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The High Court rules that a criminal record is not forever

Since 1989 the law has been that if a criminal conviction is a spent conviction, it is no longer disclosed on a person’s criminal record except in special circumstances.

This law applies in many situations where there is a requirement to provide a National Police Certificate, such as applications for employment, student placement, visas and adoption.

The High Court of Australia has now considered the law of spent convictions for the first time in an appeal against a banning order imposed by the Australian Securities and Investments Commission (ASIC) under s 80(1)(f) of the National Consumer Credit Protection Act 2009. This section permits ASIC to impose a banning order “if ASIC has reason to believe that the person is not a fit and proper person to engage in credit activities”.

In the decision of Frugtniet v Australian Securities and Investments Commission [2019] HCA 16 (15 May 2019) – the High Court of Australia (Keifel CJ, Keane, Nettle JJ jointly, and Bell, Gageler, Gordon, Edelman JJ jointly), ruled that a spent conviction was not to be considered when forming a view about whether a person was a “fit and proper person to engage in credit activities”.

The spent convictions law

The law is found in Division 3 of Part VIIC of the Crimes Act 1914 (Cth) which was inserted in 1989 to remove most criminal convictions from a person’s searchable record. The Attorney-General (Mr N.A. Bowen) said in the second reading of the bill: “The purpose of the scheme is to prevent discrimination against someone … when that person has served his or her time and paid his or her debt to society.”

The law applies to both Commonwealth and State criminal convictions.

Under s 85ZM, a spent conviction is defined as: including both a conviction and a discharge without conviction, if a person has been charged with an offence and has been found guilty; and where the person has not been sentenced to imprisonment for the offence or has been sentenced to not more than 30 months imprisonment; and a ‘waiting period’ of more than 10 years has passed (for an adult) and 5 years (for a minor).

Not all offences which come within the definition become spent convictions. For example, sexual offences and offences against minors (under the age of 18 years) are never ‘spent’.

Under s 85ZX, if another offence is committed during the ‘waiting period’, then the earlier conviction will not be ‘spent’ until a ‘crime-free period’ of 10 years has passed from the later conviction.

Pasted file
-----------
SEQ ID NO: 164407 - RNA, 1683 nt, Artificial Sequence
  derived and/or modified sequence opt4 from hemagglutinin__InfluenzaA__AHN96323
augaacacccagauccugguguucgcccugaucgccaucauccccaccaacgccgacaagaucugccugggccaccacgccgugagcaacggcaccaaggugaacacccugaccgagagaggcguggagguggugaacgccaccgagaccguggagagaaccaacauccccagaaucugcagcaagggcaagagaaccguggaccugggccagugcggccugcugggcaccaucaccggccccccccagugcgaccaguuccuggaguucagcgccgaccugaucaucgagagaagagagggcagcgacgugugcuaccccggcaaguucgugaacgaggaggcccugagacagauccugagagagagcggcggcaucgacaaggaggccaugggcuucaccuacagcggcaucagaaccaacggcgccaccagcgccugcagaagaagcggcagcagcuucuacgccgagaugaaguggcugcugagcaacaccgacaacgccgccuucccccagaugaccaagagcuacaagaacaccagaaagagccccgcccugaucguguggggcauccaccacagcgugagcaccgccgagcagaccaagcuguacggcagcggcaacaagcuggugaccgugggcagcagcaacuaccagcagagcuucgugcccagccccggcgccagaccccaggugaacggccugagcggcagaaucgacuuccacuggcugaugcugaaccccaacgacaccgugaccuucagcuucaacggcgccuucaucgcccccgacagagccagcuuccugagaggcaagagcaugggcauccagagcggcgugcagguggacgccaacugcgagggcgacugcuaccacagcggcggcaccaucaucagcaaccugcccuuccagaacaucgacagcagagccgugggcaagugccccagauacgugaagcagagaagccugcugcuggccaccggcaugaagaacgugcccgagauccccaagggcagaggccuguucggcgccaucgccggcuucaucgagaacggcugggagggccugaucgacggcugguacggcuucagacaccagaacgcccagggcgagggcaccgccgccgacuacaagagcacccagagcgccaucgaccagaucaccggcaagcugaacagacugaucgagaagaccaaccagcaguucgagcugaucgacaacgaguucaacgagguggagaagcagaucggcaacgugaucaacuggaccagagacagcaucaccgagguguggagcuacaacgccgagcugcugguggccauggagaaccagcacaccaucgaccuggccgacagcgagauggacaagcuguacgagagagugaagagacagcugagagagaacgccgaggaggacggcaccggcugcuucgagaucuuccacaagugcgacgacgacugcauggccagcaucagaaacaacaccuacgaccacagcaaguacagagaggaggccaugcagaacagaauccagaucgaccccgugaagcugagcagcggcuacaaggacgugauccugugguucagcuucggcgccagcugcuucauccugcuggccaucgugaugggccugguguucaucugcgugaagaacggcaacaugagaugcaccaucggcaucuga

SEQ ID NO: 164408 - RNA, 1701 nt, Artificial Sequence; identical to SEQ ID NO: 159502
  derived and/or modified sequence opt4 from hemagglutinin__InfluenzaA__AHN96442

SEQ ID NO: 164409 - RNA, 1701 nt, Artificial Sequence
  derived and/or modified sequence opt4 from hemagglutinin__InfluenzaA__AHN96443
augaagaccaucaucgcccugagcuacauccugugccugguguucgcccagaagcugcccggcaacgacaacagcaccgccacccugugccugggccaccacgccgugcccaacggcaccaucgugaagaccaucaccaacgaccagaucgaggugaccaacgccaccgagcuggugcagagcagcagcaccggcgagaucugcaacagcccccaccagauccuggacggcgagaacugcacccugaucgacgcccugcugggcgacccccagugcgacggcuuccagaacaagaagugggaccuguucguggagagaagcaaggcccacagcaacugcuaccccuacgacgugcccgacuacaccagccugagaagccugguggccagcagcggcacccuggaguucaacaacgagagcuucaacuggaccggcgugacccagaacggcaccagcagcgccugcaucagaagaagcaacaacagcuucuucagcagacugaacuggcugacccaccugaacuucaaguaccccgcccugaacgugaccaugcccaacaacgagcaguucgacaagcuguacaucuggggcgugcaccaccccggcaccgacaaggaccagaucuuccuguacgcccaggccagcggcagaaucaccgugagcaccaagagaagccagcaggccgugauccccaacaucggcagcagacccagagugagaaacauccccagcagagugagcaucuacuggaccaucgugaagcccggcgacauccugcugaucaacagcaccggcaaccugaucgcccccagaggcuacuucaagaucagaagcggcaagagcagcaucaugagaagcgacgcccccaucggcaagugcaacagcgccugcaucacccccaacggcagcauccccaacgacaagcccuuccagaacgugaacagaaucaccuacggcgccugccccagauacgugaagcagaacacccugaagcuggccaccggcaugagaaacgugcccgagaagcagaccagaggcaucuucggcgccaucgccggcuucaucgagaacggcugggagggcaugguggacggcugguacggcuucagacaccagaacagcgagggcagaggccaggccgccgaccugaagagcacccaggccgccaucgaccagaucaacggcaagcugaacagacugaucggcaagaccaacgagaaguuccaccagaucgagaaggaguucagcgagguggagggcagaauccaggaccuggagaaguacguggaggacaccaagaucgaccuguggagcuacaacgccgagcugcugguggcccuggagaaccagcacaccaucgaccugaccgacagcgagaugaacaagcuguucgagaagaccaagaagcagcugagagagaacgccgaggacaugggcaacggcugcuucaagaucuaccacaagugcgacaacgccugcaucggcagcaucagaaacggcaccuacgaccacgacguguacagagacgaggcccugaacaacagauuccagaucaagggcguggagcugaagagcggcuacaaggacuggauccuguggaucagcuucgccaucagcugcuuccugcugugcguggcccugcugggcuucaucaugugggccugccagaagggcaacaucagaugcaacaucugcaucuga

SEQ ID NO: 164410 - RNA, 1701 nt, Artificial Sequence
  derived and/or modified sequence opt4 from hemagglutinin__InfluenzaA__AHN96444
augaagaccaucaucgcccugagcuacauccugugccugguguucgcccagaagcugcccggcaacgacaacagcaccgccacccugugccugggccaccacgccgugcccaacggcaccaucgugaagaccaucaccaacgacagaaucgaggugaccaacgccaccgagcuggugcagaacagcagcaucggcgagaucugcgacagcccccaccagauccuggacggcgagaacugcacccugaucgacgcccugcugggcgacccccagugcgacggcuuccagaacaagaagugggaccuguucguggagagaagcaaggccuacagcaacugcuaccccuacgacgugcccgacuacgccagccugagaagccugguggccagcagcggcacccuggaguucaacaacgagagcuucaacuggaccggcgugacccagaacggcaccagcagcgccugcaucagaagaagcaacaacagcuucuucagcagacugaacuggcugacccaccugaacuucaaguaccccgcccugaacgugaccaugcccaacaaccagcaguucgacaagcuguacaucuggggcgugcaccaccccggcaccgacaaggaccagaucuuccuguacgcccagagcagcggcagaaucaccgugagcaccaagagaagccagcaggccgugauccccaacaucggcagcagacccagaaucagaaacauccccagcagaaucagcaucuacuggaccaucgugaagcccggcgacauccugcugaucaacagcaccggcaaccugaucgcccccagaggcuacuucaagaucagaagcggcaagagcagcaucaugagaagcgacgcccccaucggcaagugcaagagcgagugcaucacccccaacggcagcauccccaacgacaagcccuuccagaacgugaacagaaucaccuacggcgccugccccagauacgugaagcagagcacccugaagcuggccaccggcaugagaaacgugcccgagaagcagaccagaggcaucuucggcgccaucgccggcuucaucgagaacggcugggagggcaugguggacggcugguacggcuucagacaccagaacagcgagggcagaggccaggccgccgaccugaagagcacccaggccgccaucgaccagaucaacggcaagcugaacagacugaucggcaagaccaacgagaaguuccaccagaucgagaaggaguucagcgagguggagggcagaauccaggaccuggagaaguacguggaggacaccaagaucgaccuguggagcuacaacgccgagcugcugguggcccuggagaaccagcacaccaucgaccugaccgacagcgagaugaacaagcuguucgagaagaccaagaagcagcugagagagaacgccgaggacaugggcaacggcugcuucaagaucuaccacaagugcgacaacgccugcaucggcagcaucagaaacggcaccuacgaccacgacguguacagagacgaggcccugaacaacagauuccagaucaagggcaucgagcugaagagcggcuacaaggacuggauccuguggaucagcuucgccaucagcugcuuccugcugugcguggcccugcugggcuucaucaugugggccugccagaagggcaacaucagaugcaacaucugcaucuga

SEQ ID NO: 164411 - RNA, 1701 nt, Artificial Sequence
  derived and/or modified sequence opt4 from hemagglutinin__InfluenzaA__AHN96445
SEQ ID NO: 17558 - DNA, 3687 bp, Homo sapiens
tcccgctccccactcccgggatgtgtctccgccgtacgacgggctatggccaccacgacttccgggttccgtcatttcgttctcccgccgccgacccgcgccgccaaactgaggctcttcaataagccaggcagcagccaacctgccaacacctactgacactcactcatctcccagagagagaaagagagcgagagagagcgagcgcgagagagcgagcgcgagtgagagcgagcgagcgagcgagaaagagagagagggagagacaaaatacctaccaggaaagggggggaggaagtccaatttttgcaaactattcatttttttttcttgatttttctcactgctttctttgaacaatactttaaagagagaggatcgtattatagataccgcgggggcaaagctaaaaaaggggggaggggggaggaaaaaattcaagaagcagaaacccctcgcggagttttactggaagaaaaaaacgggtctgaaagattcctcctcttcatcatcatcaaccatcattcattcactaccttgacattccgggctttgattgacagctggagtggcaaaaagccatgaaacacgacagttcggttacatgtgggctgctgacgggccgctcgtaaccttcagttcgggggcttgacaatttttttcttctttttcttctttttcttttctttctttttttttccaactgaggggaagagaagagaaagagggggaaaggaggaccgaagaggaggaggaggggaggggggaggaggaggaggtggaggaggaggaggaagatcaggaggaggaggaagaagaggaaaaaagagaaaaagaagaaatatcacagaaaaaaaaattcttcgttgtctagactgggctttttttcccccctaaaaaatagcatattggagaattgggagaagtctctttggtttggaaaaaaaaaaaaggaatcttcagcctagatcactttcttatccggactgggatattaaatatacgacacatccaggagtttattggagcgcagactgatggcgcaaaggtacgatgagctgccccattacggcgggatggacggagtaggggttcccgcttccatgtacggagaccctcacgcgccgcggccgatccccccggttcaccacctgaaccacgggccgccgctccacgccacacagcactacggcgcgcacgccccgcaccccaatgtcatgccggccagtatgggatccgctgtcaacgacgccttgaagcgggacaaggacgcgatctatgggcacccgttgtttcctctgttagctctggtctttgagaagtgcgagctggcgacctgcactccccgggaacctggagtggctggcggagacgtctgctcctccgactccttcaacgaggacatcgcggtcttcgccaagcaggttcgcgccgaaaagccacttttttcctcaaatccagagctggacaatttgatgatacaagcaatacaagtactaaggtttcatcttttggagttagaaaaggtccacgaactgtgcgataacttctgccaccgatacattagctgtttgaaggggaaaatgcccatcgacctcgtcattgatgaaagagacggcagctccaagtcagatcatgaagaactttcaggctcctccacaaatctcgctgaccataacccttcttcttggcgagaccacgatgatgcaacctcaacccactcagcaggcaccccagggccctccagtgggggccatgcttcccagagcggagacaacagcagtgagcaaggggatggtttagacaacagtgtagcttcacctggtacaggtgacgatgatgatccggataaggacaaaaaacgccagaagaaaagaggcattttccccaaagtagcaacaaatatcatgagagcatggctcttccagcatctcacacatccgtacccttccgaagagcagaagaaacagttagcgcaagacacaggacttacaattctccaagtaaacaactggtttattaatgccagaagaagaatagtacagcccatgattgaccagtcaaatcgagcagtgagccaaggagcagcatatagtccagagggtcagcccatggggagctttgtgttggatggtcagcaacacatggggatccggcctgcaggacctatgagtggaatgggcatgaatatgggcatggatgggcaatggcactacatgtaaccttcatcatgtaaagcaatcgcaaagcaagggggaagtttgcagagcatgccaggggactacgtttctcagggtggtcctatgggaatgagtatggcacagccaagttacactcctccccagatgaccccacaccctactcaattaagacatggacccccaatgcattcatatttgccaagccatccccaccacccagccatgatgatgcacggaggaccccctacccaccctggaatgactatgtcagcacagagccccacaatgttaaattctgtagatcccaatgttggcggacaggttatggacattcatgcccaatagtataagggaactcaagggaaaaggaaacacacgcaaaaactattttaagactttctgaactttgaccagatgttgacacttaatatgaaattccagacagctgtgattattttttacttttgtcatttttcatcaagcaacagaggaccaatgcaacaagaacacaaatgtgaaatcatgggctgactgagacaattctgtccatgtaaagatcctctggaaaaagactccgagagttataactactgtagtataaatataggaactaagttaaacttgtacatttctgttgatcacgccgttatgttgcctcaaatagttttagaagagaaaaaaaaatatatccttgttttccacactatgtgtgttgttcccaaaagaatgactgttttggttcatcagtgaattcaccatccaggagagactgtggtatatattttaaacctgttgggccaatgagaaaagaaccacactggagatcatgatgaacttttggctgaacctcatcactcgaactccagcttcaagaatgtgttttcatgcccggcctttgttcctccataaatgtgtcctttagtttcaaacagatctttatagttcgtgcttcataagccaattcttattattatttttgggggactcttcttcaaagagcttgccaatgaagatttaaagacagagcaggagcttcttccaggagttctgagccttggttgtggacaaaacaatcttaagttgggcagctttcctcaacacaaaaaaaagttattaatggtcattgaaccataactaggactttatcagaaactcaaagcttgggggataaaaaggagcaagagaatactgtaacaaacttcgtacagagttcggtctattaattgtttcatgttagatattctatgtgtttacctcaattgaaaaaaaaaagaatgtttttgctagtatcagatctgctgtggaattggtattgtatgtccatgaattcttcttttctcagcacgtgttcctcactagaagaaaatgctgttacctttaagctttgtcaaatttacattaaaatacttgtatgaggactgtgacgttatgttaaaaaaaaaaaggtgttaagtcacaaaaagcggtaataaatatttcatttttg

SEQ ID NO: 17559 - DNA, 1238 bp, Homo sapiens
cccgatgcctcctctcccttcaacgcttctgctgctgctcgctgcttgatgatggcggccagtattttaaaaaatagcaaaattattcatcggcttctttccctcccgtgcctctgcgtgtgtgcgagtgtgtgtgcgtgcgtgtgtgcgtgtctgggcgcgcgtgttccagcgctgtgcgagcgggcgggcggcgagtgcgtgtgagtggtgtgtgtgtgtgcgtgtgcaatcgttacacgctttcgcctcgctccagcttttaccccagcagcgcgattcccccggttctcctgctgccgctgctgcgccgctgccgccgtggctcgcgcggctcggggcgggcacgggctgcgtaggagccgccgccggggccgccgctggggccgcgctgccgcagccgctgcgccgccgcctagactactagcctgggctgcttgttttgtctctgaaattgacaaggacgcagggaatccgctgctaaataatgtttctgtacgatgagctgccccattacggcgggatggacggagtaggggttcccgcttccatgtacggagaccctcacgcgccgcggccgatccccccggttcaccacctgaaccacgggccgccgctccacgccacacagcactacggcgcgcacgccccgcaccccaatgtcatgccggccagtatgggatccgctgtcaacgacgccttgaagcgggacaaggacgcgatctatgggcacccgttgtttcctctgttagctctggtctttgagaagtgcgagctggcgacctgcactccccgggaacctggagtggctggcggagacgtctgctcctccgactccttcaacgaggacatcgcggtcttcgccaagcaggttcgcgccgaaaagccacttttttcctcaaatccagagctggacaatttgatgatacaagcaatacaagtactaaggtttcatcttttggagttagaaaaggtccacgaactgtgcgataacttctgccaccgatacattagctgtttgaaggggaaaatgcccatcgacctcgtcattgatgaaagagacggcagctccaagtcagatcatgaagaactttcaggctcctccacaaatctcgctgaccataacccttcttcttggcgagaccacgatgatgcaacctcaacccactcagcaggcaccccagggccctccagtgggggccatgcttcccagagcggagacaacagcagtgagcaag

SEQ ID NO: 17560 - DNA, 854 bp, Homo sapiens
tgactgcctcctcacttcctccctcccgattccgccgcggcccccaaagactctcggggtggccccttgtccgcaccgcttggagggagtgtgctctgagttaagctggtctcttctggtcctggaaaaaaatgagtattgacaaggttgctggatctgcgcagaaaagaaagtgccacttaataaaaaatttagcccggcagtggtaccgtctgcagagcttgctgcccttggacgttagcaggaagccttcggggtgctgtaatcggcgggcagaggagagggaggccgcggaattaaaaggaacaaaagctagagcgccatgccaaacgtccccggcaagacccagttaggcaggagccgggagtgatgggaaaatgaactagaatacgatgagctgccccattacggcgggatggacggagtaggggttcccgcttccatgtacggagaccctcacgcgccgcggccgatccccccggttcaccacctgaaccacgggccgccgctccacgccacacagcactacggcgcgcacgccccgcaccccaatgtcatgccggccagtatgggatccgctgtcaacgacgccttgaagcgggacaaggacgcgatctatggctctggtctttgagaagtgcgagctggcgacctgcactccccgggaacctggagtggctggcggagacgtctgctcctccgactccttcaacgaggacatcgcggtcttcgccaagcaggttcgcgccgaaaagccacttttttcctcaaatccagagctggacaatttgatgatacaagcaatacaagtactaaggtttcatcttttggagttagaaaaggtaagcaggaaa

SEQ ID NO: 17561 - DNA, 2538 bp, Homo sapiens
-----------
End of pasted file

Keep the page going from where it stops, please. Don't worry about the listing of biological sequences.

A spent conviction will not appear on the National Police Certificate. Under s 85ZV and s 85ZW, a person is not required to disclose the fact they have been charged with, or convicted of, the offence if it is a spent conviction. Further, it is lawful for that person to claim that they have not been charged with or convicted of that offence.

There are special circumstances when spent convictions must be disclosed. These include applications for employment positions in aged care, teaching children, hospitals; and for certain permits, security clearances and accreditations.

The High Court Decision

Mr Frugtniet had a conviction and a ‘no conviction recorded’ on his criminal record:

  1. A conviction in the United Kingdom in 1978 of 15 counts of handling stolen goods, forgery, and obtaining property by deception and theft – he served two years of imprisonment; and
  2. A finding of guilty in the Broadmeadows Magistrates’ Court in Australia in 1997 for an offence of obtaining property by deception in relation to the issue of airline tickets – he was fined $1,000 but no conviction was recorded.

The High Court decided that because these items on his criminal record were spent offences, then they should not have been taken into account by ASIC as “evidence of dishonest conduct” when it determined that Mr Frugtniet was not a “fit and proper person to engage in credit activities”.

In particular, the Administrative Appeals Tribunal (AAT), which heard the appeal against ASIC’s refusal, was bound by Division 3 of Part VIIC of the Crimes Act 1914, because it was reviewing a decision of ASIC (which was bound by that provision):

[under] the AAT Act, where application is made to it … [the AAT] is to stand in the shoes of the decision-maker whose decision is under review so as to determine for itself on the material before it the decision which can, and which it considers should, be made in the exercise of the power or powers conferred on the primary decision-maker for the purpose of making the decision under review [judgment, paragraph 51]

Conclusion

The decision of the High Court confirms that Division 3 Part VIIC of the Crimes Act 1914 applies as the Attorney-General intended, namely:

that a person whose conviction is spent is not required to disclose to any Commonwealth authority the fact that the person was charged with or convicted of the offence, and that a Commonwealth authority is prohibited from taking account of the fact that the person was charged with or convicted of the offence. [Judgment summary, paraphrasing paragraph 37]

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